The bridge closure controversy that has dogged New Jersey Gov. Chris Christie for weeks is threatening to go national as Democrats see a possible chink in the armor of the GOP's potential 2016 presidential nominee.
Democrats in Washington D.C. turned up the heat on Christie with Sen. Jay Rockefeller of West Virginia, chairman of the Senate's transportation committee, asking Transportation Secretary Anthony Foxx to investigate the closures, according to Politico
Democrats have also created a politically-charged YouTube video
with a narrative designed to raise the profile of the issue and link it to questions about Christie's character and integrity.
New Jersey Democrats allege Christie ordered a September closure of lanes onto the George Washington Bridge from New Jersey to New York — said to be the busiest road bridge in the world — as retribution
for the refusal of Fort Lee Democratic Mayor Mark Sokolich to join other New Jersey mayors in endorsing Christie for re-election.
Already two Christie appointees on the New York/New Jersey Port Authority — which overseas the bridge — have quit
after it was revealed they did not go through the proper channels when ordering the lanes closed.
Christie has insisted that the closures, which led to as much as four-hour traffic delays over a span of five days, were part of a traffic study. But opponents say the lack of advance notice, coupled with no evidence of study results, proves that Christie's explanation is not credible.
New Jersey state Sen. Loretta Weinberg, who has been leading the charge against Christie on the matter, said she would like a congressional probe. Assemblyman John Wisnieswki has subpoenaed all correspondence between Christie and Port Authority aides about the closures.
Political observers on both sides of the aisle say Christie's emergence on the national scene explains why Democrats are trying to capitalize on the negative press.
"After his resounding win, we're not surprised that national Democrats are going to try to take aim and so are state Democrats, who are looking for a chance to stay relevant," one source close to Christie told Politico. "We know national groups are going to start looking for opportunity at every turn. That's what happens when you do well and people start to focus on you."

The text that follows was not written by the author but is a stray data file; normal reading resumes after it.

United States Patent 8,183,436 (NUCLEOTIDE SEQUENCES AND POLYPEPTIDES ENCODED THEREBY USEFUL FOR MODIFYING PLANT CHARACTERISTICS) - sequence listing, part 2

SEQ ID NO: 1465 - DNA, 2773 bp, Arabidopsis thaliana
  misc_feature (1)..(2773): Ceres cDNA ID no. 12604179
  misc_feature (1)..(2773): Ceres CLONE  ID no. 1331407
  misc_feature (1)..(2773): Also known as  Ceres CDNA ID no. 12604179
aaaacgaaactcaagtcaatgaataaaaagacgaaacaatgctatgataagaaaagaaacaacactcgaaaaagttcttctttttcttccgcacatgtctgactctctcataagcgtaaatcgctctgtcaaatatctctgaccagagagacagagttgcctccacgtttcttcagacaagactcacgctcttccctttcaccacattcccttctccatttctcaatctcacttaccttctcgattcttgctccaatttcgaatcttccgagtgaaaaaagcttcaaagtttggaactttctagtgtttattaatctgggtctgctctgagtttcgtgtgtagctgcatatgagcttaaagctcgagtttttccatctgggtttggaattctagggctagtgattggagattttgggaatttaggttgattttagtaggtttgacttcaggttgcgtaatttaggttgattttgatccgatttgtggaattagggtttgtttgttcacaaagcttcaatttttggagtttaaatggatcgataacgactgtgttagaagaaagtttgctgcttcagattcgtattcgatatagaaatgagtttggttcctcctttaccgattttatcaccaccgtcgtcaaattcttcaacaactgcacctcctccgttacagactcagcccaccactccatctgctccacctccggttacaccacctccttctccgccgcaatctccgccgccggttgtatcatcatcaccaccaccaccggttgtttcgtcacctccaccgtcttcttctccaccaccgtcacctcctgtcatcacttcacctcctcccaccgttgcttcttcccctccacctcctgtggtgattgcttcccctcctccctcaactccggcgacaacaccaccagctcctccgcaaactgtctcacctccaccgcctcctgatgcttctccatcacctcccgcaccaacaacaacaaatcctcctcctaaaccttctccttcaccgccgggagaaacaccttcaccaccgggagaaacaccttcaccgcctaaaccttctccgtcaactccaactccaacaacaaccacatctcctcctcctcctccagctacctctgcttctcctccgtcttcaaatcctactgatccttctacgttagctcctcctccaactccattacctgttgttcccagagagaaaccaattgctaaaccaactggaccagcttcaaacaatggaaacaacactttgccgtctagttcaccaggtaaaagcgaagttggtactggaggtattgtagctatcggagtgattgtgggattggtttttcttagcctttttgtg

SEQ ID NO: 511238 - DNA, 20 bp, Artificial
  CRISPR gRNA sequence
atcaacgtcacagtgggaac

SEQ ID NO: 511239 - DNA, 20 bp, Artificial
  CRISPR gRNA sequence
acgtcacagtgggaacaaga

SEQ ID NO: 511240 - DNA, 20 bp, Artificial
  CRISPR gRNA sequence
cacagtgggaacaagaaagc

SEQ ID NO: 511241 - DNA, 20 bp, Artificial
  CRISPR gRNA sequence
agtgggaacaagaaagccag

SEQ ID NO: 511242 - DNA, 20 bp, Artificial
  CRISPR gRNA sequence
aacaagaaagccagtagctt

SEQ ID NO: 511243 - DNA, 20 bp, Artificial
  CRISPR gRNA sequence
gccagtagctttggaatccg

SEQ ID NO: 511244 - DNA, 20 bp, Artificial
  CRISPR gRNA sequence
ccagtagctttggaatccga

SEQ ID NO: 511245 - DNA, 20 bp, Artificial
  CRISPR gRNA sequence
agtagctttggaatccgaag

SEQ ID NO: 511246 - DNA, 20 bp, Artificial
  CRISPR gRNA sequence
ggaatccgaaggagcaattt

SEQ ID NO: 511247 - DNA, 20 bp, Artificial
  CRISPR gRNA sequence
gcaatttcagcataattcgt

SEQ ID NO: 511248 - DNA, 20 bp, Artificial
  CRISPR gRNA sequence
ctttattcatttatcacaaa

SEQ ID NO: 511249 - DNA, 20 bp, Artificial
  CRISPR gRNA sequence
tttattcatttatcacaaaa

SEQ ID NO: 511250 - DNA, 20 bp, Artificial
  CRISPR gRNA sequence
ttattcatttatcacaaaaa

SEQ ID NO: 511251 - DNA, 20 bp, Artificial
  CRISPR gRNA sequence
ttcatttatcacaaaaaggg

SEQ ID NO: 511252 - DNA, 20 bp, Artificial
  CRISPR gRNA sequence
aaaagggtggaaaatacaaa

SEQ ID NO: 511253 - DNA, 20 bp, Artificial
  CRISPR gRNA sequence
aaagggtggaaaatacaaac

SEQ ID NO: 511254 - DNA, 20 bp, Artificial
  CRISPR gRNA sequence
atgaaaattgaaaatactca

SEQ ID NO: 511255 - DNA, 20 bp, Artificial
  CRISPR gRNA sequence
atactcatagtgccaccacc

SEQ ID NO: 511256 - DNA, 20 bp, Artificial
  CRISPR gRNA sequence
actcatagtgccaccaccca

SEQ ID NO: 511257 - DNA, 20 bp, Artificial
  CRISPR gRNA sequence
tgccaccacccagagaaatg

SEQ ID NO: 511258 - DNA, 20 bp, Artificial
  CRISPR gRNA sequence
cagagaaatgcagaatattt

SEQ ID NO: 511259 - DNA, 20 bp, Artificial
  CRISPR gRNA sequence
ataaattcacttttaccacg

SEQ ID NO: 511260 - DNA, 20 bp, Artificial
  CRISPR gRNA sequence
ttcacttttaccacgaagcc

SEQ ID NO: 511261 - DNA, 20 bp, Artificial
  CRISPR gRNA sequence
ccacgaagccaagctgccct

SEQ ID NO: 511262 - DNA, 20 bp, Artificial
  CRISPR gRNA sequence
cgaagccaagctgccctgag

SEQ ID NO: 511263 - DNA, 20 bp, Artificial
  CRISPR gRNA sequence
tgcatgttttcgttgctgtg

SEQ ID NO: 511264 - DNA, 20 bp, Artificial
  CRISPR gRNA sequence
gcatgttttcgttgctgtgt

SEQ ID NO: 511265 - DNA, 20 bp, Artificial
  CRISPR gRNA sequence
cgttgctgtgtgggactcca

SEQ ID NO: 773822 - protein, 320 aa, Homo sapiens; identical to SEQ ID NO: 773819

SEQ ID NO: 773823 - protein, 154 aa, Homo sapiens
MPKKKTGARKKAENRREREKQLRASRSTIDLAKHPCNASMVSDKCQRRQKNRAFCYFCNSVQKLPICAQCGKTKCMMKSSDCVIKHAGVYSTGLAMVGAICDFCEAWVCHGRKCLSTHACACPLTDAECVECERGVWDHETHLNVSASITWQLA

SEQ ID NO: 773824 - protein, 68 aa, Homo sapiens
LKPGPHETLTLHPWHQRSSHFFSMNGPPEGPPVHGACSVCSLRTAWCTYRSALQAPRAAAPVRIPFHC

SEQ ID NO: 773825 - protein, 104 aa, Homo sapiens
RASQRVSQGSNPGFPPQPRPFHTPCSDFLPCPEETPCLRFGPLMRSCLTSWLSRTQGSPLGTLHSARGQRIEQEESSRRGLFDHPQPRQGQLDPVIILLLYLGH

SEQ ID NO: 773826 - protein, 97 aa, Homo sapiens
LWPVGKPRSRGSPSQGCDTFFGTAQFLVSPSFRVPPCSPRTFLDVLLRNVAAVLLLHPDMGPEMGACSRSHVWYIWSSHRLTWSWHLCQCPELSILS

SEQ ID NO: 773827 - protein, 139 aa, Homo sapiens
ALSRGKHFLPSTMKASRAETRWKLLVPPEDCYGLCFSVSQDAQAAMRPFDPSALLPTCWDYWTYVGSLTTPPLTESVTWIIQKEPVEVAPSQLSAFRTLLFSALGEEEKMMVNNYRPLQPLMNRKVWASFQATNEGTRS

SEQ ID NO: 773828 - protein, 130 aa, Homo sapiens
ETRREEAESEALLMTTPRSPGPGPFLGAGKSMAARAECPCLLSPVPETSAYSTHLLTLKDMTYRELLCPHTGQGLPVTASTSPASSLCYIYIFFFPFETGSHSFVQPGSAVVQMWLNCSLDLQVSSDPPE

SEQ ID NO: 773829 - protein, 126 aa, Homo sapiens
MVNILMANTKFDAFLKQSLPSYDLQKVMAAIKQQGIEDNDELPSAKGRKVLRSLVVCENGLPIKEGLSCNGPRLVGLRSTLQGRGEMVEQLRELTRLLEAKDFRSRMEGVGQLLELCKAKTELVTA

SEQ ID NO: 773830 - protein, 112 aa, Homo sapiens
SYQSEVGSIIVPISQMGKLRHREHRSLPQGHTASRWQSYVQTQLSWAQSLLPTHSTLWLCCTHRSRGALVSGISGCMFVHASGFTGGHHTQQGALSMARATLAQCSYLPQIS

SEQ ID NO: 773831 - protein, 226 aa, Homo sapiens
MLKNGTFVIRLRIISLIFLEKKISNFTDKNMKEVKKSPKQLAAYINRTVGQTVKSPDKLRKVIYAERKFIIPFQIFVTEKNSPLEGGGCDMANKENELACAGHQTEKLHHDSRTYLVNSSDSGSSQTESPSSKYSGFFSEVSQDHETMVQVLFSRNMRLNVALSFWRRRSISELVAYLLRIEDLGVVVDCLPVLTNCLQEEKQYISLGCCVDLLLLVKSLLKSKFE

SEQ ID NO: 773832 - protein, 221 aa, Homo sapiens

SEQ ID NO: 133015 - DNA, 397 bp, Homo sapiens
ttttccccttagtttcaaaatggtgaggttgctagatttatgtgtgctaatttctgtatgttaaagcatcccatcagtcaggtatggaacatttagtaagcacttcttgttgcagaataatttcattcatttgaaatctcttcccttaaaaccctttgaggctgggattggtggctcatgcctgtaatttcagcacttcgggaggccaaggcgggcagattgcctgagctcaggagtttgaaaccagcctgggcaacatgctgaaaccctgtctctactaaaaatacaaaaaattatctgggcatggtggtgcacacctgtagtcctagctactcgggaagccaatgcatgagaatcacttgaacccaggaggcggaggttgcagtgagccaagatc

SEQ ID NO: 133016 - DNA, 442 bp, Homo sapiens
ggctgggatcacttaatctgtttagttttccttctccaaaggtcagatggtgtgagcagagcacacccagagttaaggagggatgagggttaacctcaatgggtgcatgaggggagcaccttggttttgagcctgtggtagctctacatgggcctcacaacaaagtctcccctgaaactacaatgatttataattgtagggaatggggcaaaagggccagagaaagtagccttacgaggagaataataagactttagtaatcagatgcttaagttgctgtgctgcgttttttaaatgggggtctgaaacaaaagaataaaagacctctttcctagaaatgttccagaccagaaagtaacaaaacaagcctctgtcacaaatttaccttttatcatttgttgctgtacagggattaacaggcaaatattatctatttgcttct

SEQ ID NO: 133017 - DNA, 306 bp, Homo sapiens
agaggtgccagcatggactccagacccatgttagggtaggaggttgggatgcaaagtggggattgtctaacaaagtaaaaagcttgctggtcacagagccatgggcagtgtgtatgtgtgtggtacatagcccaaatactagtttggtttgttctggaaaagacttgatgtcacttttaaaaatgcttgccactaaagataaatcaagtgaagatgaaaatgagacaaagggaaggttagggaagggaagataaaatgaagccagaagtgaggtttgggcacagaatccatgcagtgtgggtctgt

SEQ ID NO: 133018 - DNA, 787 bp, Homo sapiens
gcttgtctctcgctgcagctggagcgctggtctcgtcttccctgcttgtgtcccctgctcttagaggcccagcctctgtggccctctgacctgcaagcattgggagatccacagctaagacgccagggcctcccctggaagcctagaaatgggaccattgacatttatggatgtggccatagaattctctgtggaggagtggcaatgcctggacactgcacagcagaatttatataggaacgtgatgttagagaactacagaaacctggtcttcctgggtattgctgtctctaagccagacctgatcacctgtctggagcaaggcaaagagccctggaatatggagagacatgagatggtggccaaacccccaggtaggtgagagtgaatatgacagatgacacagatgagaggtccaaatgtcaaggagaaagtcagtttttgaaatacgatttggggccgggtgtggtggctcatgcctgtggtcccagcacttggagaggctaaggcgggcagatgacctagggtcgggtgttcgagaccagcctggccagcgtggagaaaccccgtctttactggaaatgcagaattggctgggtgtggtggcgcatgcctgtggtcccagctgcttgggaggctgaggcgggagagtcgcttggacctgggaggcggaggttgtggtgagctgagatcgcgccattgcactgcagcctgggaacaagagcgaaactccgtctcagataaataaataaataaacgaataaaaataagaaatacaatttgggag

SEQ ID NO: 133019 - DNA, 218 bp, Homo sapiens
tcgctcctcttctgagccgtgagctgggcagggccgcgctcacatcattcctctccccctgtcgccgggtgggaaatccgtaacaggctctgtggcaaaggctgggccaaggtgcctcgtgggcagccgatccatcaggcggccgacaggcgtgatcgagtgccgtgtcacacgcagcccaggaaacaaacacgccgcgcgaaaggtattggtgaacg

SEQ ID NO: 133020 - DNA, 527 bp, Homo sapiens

Democratic strategist Chris Lehane gave a similar commentary. "The nature and intensity of the coverage of the issue also reflects the fact that Christie is suddenly going to [be] forced into playing politics at a completely different level," he said.
"For Christie, given his current standing, he will face such scrutiny for several years with both Democrats and fellow Republicans executing what is in effect a pincer action to define him."
Having spent most of Christie's first term trying unsuccessfully to define him as a bully, particularly following his performance following Hurricane Sandy, national Democrats think this controversy is an opportunity to renew that strategy, according to Politico.
"It goes to the heart of his potential liability… temperament is a real issue in presidential politics and in gubernatorial political," Tad Devine, a Democratic strategist who has worked on presidential campaigns, told Politico. "It's not fatal right now, but it's a problem for him."
For his part, Christie has vigorously denied the accusations,
saying they have been "sensationalized." He got an unexpected boost on Monday after New York Democratic Gov. Andrew Cuomo backed him up
, saying, "I'm sure it is as Gov. Christie says."
"National Democrats will make an issue about everything about me, so get used to the new world everybody, you know?" Christie said at a news conference Friday, according to Politico. "We're not in Kansas anymore, Dorothy."
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